And so the ביכורים text goes on
to talk about Egypt, and the Exodus,
and settling the Land,
and it gives instructions for depositing the first fruits
and worshipping God —
and then it ends with one final instruction:
וְשָׂמַחְתָּ בְכָל הַטּוֹב אֲשֶׁר נָתַן לְךָ י' אֱ-ֹהֶיךָ, וּלְבֵיתֶךָ
אַתָּה, וְהַלֵּוִי, וְהַגֵּר אֲשֶׁר בְּקִרְבֶּךָ
And you shall rejoice in all the good
that God gave you and your house —
together with the Levite and the stranger who are among you.

The bringing of the ביכורים must be celebrated
with the weak and vulnerable of Israelite society —
the לויים and the strangers,
who — unlike our prototypical farmer —
lack the security of ancestral territory.

Unlike לבן,
who took advantage of יעקב when he was lost and lacking,
we are obligated to emulate God,
who protected יעקב, and then saved us from Egypt,
and brought us into the Land.
The ritual of the ביכורים teaches us
that we each individually
need to continue the cycle of justice and kindness —
and if I don't, then ארמי אובד אני
I'd be the one who has lost my way.

Friday, September 12, 2008

Bli Neder / Just Do It:
A Ki-Teitzei’ DvarTorah

(a dvar torah for ma‘ariv, Shabbat parashat Ki-Teitzei’)

The month of אלול is quickly passing by.
ראש השנה and יום כפור are coming closer.

And many people
around this time of year
are beginning to think about
for the new year 5769.

We look back at this year,
at all the mistakes we've made,
all the ways we've hurt others
and hurt ourselves;
all the ways that we haven't lived up to our obligations —

and very understandably,
many people
start to make promises.
We make promises to ourselves
to our friends, to our families, to God...

There are 74 מצוות in כי־תצא, this week's פרשה
and one of them is
the obligation to keep your word.

As the תורה says,
כִּי תִדֹּר נֶדֶר לַ-י' אֱ-ֹהֶיךָ, לֹא תְאַחֵר לְשַׁלְּמוֹ
If you make a vow to God,
don't be late in paying up —
כִּי דָרֹשׁ יִדְרְשֶׁנּוּ י' אֱ-ֹהֶיךָ מֵעִמָּךְ, וְהָיָה בְךָ חֵטְא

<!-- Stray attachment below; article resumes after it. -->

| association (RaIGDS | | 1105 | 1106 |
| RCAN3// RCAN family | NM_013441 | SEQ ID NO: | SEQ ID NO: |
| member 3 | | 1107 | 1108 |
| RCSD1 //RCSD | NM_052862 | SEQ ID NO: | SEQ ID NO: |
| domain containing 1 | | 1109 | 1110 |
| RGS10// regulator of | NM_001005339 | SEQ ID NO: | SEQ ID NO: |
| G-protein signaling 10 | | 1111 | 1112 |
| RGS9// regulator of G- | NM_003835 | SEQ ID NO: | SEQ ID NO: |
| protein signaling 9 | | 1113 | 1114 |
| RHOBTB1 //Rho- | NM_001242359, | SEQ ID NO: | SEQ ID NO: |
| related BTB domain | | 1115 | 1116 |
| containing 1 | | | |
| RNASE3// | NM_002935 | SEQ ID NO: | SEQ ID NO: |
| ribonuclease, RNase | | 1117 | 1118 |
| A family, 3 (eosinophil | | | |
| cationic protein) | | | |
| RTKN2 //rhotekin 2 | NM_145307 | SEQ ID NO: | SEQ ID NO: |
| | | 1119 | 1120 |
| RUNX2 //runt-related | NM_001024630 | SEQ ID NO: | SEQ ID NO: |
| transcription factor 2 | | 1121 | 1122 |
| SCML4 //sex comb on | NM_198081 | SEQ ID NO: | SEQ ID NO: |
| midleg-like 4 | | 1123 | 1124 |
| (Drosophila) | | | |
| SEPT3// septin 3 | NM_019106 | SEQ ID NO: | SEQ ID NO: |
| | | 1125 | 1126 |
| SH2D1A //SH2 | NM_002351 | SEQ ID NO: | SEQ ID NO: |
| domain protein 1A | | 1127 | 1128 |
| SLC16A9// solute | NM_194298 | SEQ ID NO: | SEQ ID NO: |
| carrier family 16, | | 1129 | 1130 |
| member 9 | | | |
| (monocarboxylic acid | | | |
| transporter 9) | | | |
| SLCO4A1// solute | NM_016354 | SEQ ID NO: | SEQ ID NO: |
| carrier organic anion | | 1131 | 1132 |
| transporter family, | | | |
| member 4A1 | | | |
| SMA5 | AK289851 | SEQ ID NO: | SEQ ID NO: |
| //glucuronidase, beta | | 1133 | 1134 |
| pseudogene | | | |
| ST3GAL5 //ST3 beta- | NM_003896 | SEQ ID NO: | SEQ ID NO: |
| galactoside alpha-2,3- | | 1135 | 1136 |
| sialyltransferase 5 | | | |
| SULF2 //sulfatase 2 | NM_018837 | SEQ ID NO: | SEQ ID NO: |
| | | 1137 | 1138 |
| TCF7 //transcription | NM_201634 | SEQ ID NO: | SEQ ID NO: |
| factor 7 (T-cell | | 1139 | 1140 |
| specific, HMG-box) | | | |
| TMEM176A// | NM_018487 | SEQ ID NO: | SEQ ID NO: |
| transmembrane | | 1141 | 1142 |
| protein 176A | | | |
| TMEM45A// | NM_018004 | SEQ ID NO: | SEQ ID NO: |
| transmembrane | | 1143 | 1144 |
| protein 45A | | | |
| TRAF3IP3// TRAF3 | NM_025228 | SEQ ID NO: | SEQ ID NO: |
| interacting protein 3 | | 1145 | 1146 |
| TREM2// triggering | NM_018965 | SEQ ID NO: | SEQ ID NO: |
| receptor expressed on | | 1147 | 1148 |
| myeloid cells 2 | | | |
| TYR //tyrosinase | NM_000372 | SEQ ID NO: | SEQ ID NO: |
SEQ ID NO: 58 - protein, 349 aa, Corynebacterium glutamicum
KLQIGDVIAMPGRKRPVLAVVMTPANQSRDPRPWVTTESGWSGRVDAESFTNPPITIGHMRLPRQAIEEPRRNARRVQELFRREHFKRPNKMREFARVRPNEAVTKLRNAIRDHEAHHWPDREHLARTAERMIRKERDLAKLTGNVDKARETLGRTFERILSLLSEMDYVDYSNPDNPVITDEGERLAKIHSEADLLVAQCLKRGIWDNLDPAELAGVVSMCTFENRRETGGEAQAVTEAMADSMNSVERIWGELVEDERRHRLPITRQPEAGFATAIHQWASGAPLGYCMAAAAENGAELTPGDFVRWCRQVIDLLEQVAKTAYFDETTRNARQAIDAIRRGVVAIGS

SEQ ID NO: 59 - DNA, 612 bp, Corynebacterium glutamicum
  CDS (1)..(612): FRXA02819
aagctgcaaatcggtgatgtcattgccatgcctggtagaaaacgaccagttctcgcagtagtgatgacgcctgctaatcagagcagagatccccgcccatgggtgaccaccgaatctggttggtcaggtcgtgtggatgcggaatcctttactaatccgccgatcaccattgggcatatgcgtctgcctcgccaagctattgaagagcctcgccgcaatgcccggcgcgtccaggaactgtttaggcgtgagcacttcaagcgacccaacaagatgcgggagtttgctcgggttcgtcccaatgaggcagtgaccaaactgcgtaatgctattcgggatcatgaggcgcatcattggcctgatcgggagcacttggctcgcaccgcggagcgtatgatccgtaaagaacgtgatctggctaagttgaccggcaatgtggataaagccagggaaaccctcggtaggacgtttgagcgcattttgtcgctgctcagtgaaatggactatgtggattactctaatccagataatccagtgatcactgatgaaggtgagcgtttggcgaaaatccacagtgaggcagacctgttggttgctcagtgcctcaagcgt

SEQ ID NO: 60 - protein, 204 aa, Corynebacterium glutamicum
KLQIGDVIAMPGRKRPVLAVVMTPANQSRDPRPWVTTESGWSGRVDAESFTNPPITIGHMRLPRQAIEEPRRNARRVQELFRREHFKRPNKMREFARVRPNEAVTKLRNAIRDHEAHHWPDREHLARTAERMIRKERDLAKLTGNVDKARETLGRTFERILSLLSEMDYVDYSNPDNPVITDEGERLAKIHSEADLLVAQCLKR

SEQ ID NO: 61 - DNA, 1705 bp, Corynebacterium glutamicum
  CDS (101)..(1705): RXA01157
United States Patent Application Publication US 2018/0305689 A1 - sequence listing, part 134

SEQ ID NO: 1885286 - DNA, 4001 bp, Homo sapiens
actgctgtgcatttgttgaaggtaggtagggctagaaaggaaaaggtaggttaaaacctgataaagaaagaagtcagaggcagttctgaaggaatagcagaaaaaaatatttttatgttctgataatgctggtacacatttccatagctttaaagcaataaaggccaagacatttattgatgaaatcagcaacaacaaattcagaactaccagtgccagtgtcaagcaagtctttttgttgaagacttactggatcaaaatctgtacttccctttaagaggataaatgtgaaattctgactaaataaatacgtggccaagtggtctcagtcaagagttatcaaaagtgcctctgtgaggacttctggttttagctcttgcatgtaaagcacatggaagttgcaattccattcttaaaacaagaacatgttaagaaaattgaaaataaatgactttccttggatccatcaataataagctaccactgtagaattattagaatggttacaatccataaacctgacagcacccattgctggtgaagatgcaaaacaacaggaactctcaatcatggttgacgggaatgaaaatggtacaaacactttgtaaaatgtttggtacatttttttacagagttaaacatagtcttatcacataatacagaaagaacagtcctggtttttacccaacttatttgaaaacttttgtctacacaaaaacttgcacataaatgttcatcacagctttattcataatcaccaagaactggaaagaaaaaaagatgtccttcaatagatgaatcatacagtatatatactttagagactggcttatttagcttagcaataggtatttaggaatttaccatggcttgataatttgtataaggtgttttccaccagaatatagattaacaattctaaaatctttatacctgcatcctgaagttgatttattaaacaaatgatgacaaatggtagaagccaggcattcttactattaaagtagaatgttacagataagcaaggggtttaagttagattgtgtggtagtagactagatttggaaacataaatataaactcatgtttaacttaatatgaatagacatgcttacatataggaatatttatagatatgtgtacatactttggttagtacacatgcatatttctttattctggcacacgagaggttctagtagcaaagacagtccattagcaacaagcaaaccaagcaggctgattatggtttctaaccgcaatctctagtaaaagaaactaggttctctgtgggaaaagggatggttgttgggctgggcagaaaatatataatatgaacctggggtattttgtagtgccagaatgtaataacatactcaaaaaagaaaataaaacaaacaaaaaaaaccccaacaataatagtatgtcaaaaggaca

for God will require it of you,
and you will be guilty of a transgression.

וְכִי תֶחְדַּל לִנְדֹּר, לֹא יִהְיֶה בְךָ חֵטְא
But if you don't make a vow in the first place,
you won't be guilty of anything

מוֹצָא שְׂפָתֶיךָ תִּשְׁמֹר וְעָשִׂיתָ
Observe and perform
that which comes out of your lips.

Now, while this מצוה is primarily concerned
with the prompt fulfillment
of vows made to God,
it can teach us something
about everything that comes out of our mouths —
all the promises, pledges, and guarantees
that we make to others
and to ourselves.

Some people are energized by their vows —
they make a decision
and it's the force of their promise
that holds them to it.

Many of us, on the other hand,
are paralyzed by promises.
Resolutions fail.
Words are broken.
And once we take that first step
across the line we drew for ourselves,
there's no going back;
no way to get back on the track towards improvement.

But words
are powerful things.
Words build worlds.
With 10 declarations, the משנה says,
God created the universe.
And as we say multiple times
in the High Holiday liturgy,
ראש השנה is the birthday of the world.
But according to רבי אליעזר
who is quoted in a few different מדרשים,
the first day of creation was כ"ה אלול —
which makes ראש השנה the Sixth day of Creation
the birthday not of יהי אור, “let there be light” — but of the human race.

At the beginning of the תורה,
when God breathes life into Humanity,
and we become נפש חיה, a living soul,
the traditional Aramaic translation of אונקלוס
renders that phrase